(Incidentally, if you want advice on pan-frying salmon technique, this Serious Eats article is fantastic.)

I typically serve this with couscous, to continue the North African theme. Today, I made a small salad; I finely diced cucumber, avocado, sundried tomatoes, spring onions, and three anchovy fillets, and dressed them with a 50/50 mix of lemon juice and olive oil whisked together. Seasoned, mixed the couscous in with the salad, poured over chicken stock according to the pack instruction’s specific quantity, and stirred well. I let it stand for five minutes and served. As you can probably see, I don’t really like bland starches — I’m the same with rice, where I cook pilafs almost to the exclusion of anything else — so I tend to pack as many flavourings in there as I can! But at the same time, I didn’t want anything too bold against the punchy salmon and chreime sauce, which is why I didn’t flavour the couscous with cinnamon or similar.

Pan-fried salmon fillet with roasted cauliflower

Best fried salmon I’ve made yet, hands down. Turns out, according to Serious Eats, I’ve been cooking it too hot (so the skin wasn’t crisped up by the time the flesh was cooked) and cooking it on both sides equally (which dries out the flesh). The one in the picture cooked for almost 10 minutes, skin side down, at low-ish heat, then just 1 minute the other way up to colour the outside. It was nicely medium-rare through the centre and the skin had a good texture. I think I had the heat a little too low, though; the recipe calls for six minutes, but it simply wasn’t cooked enough at that time.

First time I made cauliflower this way, based on a different Serious Eats recipe. Dissect a head into florets. Make a paste of 4 cloves of garlic, 4 anchovies, salt, and 1/2 tsp chilli flakes. Add 4 Tbsp olive oil, mix, and toss through the cauliflower. Roast at 230 deg C for 25-30 minutes. It was delicious and simple, so I’ll be making that again.

Pan-fried salmon fillet with roasted cauliflower

Best fried salmon I’ve made yet, hands down. Turns out, according to Serious Eats, I’ve been cooking it too hot (so the skin wasn’t crisped up by the time the flesh was cooked) and cooking it on both sides equally (which dries out the flesh). The one in the picture cooked for almost 10 minutes, skin side down, at low-ish heat, then just 1 minute the other way up to colour the outside. It was nicely medium-rare through the centre and the skin had a good texture. I think I had the heat a little too low, though; the recipe calls for six minutes, but it simply wasn’t cooked enough at that time.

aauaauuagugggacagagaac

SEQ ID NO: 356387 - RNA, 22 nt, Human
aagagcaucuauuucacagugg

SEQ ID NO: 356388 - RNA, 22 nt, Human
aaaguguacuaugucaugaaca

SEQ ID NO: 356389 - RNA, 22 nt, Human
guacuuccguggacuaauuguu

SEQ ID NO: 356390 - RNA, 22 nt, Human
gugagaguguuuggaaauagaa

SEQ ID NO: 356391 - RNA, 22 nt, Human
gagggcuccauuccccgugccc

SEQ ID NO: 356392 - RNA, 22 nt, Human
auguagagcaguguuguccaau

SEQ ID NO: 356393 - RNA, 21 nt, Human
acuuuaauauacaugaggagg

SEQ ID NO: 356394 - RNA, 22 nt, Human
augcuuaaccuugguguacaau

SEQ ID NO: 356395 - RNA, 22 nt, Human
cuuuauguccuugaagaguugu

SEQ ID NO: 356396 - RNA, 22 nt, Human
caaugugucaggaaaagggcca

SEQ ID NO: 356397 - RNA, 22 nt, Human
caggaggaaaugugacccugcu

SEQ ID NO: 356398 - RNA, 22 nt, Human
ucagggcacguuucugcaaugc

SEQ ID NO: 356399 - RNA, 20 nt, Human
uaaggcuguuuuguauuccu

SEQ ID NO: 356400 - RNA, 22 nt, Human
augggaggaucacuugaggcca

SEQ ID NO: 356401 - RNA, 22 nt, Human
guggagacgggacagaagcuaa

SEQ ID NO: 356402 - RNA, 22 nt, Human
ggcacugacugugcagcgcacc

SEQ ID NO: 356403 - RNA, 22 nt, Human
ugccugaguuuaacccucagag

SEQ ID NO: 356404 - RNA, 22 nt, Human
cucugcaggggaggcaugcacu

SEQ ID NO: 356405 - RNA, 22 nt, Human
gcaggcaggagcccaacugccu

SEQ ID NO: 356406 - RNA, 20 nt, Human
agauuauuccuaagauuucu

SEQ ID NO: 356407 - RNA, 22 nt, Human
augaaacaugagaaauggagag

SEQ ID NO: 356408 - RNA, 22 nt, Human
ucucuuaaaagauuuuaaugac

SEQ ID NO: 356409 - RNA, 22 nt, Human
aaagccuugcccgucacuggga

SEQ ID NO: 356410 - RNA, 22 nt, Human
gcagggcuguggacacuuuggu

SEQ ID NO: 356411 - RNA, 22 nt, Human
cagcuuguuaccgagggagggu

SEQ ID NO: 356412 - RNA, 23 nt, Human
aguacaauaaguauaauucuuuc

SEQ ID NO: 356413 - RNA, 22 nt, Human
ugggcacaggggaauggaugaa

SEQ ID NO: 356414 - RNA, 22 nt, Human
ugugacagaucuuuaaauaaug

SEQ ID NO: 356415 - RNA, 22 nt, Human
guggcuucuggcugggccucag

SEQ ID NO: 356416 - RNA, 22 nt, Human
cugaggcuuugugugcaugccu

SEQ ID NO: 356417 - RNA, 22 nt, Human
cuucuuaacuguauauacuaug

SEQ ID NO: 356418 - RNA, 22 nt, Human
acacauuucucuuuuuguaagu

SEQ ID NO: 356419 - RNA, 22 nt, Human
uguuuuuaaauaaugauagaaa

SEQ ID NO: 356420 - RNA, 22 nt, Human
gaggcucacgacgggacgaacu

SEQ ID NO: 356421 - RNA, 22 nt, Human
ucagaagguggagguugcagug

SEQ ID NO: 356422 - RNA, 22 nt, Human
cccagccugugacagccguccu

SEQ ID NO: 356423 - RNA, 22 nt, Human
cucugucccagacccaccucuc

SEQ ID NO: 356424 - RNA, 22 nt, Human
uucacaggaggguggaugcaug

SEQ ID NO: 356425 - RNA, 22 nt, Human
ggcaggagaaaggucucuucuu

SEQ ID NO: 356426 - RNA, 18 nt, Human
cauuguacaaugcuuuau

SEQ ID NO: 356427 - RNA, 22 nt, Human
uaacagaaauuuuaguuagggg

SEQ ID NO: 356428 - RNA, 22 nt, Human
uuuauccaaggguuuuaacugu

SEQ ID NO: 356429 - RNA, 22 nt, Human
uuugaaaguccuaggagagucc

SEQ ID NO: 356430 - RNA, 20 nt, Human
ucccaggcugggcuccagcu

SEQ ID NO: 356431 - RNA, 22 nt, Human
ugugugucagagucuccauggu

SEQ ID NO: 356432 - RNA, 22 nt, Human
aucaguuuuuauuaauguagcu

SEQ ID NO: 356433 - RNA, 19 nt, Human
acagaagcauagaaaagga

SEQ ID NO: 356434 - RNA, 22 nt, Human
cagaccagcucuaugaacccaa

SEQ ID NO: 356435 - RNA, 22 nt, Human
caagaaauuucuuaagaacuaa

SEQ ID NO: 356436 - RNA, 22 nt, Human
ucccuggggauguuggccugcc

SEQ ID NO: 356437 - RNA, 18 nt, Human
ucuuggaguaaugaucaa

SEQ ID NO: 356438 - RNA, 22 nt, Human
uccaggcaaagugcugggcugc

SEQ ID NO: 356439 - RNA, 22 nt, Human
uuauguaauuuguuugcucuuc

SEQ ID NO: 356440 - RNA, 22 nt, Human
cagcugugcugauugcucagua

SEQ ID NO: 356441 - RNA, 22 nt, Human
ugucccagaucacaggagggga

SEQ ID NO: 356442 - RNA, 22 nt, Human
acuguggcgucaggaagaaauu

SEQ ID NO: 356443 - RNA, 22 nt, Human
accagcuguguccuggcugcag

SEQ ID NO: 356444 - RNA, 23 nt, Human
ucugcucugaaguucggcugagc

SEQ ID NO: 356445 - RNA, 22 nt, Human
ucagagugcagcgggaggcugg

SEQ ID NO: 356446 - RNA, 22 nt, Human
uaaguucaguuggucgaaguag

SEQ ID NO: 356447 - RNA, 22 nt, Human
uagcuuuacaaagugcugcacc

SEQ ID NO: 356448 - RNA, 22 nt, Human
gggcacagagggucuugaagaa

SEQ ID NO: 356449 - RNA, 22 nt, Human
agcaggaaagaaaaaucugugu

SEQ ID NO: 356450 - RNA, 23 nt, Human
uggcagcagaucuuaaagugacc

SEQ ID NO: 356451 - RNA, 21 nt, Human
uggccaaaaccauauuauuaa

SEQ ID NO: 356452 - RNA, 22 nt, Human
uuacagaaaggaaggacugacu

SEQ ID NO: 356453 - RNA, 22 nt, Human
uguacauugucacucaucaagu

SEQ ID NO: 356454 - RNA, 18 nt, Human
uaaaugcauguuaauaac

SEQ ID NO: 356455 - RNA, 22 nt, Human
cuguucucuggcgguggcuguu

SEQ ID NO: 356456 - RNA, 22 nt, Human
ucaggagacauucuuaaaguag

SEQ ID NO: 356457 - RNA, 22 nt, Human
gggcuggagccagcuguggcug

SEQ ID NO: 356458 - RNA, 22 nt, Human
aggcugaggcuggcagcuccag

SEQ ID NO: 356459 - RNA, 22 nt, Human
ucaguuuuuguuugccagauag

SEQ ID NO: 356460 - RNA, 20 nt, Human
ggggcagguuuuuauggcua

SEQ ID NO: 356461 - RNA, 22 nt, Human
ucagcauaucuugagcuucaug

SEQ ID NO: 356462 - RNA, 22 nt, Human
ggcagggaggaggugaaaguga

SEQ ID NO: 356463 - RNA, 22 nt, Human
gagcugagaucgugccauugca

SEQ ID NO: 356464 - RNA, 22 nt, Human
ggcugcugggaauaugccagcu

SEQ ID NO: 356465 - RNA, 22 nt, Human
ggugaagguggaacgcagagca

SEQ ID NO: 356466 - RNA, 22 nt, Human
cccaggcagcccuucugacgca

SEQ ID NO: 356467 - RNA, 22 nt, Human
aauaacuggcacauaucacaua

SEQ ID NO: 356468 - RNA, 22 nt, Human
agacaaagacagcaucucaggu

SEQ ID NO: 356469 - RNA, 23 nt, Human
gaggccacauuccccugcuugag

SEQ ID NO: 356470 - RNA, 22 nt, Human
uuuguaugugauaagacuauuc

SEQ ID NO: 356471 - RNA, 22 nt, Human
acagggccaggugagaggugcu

First time I made cauliflower this way, based on a different Serious Eats recipe. Dissect a head into florets. Make a paste of 4 cloves of garlic, 4 anchovies, salt, and 1/2 tsp chilli flakes. Add 4 Tbsp olive oil, mix, and toss through the cauliflower. Roast at 230 deg C for 25-30 minutes. It was delicious and simple, so I’ll be making that again.

Scrambled eggs (with cream cheese and spring onions) and smoked salmon on a toasted English muffin.

I often make this (or variations on the theme) as a luxury weekend brunch. I prefer my scrambled eggs to be loose and creamy rather than fluffy and dry, so I break eggs directly into the frying pan (bonus — less work!), roughly scramble them with a spatula, and  then cook them slowly with infrequent stirring. Dairy (usually cream cheese or a little light cream) and seasoning goes in at the end, not the beginning — I’ve read that salt added beforehand can toughen the eggs if added beforehand, because it draws water out of the protein cells. The cold-from-the-fridge dairy also helps to arrest the cooking process too, stopping the eggs from drying out. —Rich

Scrambled eggs (with cream cheese and spring onions) and smoked salmon on a toasted English muffin.

I often make this (or variations on the theme) as a luxury weekend brunch. I prefer my scrambled eggs to be loose and creamy rather than fluffy and dry, so I break eggs directly into the frying pan (bonus — less work!), roughly scramble them with a spatula, and then cook them slowly with infrequent stirring. Dairy (usually cream cheese or a little light cream) and seasoning goes in at the end, not the beginning — I’ve read that salt added beforehand can toughen the eggs if added beforehand, because it draws water out of the protein cells. The cold-from-the-fridge dairy also helps to arrest the cooking process too, stopping the eggs from drying out. —Rich